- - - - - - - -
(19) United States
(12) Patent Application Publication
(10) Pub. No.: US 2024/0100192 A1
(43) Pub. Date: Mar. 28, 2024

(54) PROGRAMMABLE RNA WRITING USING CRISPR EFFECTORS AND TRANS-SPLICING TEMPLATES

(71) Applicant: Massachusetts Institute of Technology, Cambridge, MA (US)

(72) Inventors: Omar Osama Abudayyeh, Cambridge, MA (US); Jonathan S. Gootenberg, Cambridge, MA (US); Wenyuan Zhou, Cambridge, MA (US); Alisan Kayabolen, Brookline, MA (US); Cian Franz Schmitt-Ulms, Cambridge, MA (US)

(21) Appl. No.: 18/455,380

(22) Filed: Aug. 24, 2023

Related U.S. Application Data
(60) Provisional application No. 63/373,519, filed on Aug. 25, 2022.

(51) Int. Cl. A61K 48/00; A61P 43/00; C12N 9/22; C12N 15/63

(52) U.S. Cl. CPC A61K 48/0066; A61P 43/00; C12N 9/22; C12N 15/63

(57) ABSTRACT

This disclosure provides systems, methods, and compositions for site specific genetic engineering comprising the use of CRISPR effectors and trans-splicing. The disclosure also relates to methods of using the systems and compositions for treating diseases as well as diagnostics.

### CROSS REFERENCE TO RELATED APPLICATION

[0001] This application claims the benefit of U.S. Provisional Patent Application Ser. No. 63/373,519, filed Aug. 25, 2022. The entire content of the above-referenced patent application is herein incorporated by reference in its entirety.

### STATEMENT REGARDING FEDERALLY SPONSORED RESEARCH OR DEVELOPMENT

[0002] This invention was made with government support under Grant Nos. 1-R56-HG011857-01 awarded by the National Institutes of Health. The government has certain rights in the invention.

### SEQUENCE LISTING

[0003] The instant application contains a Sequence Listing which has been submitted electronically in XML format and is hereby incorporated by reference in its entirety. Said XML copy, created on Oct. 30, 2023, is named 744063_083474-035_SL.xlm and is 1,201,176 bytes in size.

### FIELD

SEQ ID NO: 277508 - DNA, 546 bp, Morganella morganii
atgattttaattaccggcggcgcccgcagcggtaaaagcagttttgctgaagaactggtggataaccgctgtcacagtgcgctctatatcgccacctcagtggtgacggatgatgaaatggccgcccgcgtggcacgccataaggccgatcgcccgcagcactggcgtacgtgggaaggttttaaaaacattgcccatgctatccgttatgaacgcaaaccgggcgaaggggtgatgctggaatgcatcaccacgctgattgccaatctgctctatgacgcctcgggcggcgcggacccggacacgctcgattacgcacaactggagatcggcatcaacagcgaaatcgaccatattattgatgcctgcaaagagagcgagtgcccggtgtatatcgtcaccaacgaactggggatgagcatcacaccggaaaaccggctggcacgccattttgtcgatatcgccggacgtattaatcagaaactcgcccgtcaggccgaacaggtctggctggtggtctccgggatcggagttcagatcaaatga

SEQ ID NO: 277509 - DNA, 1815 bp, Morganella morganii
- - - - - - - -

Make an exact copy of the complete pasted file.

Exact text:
(19) United States
(12) Patent Application Publication
(10) Pub. No.: US 2024/0100192 A1
(43) Pub. Date: Mar. 28, 2024

(54) PROGRAMMABLE RNA WRITING USING CRISPR EFFECTORS AND TRANS-SPLICING TEMPLATES

(71) Applicant: Massachusetts Institute of Technology, Cambridge, MA (US)

(72) Inventors: Omar Osama Abudayyeh, Cambridge, MA (US); Jonathan S. Gootenberg, Cambridge, MA (US); Wenyuan Zhou, Cambridge, MA (US); Alisan Kayabolen, Brookline, MA (US); Cian Franz Schmitt-Ulms, Cambridge, MA (US)

(21) Appl. No.: 18/455,380

(22) Filed: Aug. 24, 2023

Related U.S. Application Data
(60) Provisional application No. 63/373,519, filed on Aug. 25, 2022.

(51) Int. Cl. A61K 48/00; A61P 43/00; C12N 9/22; C12N 15/63

(52) U.S. Cl. CPC A61K 48/0066; A61P 43/00; C12N 9/22; C12N 15/63

(57) ABSTRACT

This disclosure provides systems, methods, and compositions for site specific genetic engineering comprising the use of CRISPR effectors and trans-splicing. The disclosure also relates to methods of using the systems and compositions for treating diseases as well as diagnostics.

### CROSS REFERENCE TO RELATED APPLICATION

[0001] This application claims the benefit of U.S. Provisional Patent Application Ser. No. 63/373,519, filed Aug. 25, 2022. The entire content of the above-referenced patent application is herein incorporated by reference in its entirety.

### STATEMENT REGARDING FEDERALLY SPONSORED RESEARCH OR DEVELOPMENT

[0002] This invention was made with government support under Grant Nos. 1-R56-HG011857-01 awarded by the National Institutes of Health. The government has certain rights in the invention.

### SEQUENCE LISTING

[0003] The instant application contains a Sequence Listing which has been submitted electronically in XML format and is hereby incorporated by reference in its entirety. Said XML copy, created on Oct. 30, 2023, is named 744063_083474-035_SL.xlm and is 1,201,176 bytes in size.

### FIELD

SEQ ID NO: 277508 - DNA, 546 bp, Morganella morganii
atgattttaattaccggcggcgcccgcagcggtaaaagcagttttgctgaagaactggtggataaccgctgtcacagtgcgctctatatcgccacctcagtggtgacggatgatgaaatggccgcccgcgtggcacgccataaggccgatcgcccgcagcactggcgtacgtgggaaggttttaaaaacattgcccatgctatccgttatgaacgcaaaccgggcgaaggggtgatgctggaatgcatcaccacgctgattgccaatctgctctatgacgcctcgggcggcgcggacccggacacgctcgattacgcacaactggagatcggcatcaacagcgaaatcgaccatattattgatgcctgcaaagagagcgagtgcccggtgtatatcgtcaccaacgaactggggatgagcatcacaccggaaaaccggctggcacgccattttgtcgatatcgccggacgtattaatcagaaactcgcccgtcaggccgaacaggtctggctggtggtctccgggatcggagttcagatcaaatga

SEQ ID NO: 277509 - DNA, 1815 bp, Morganella morganii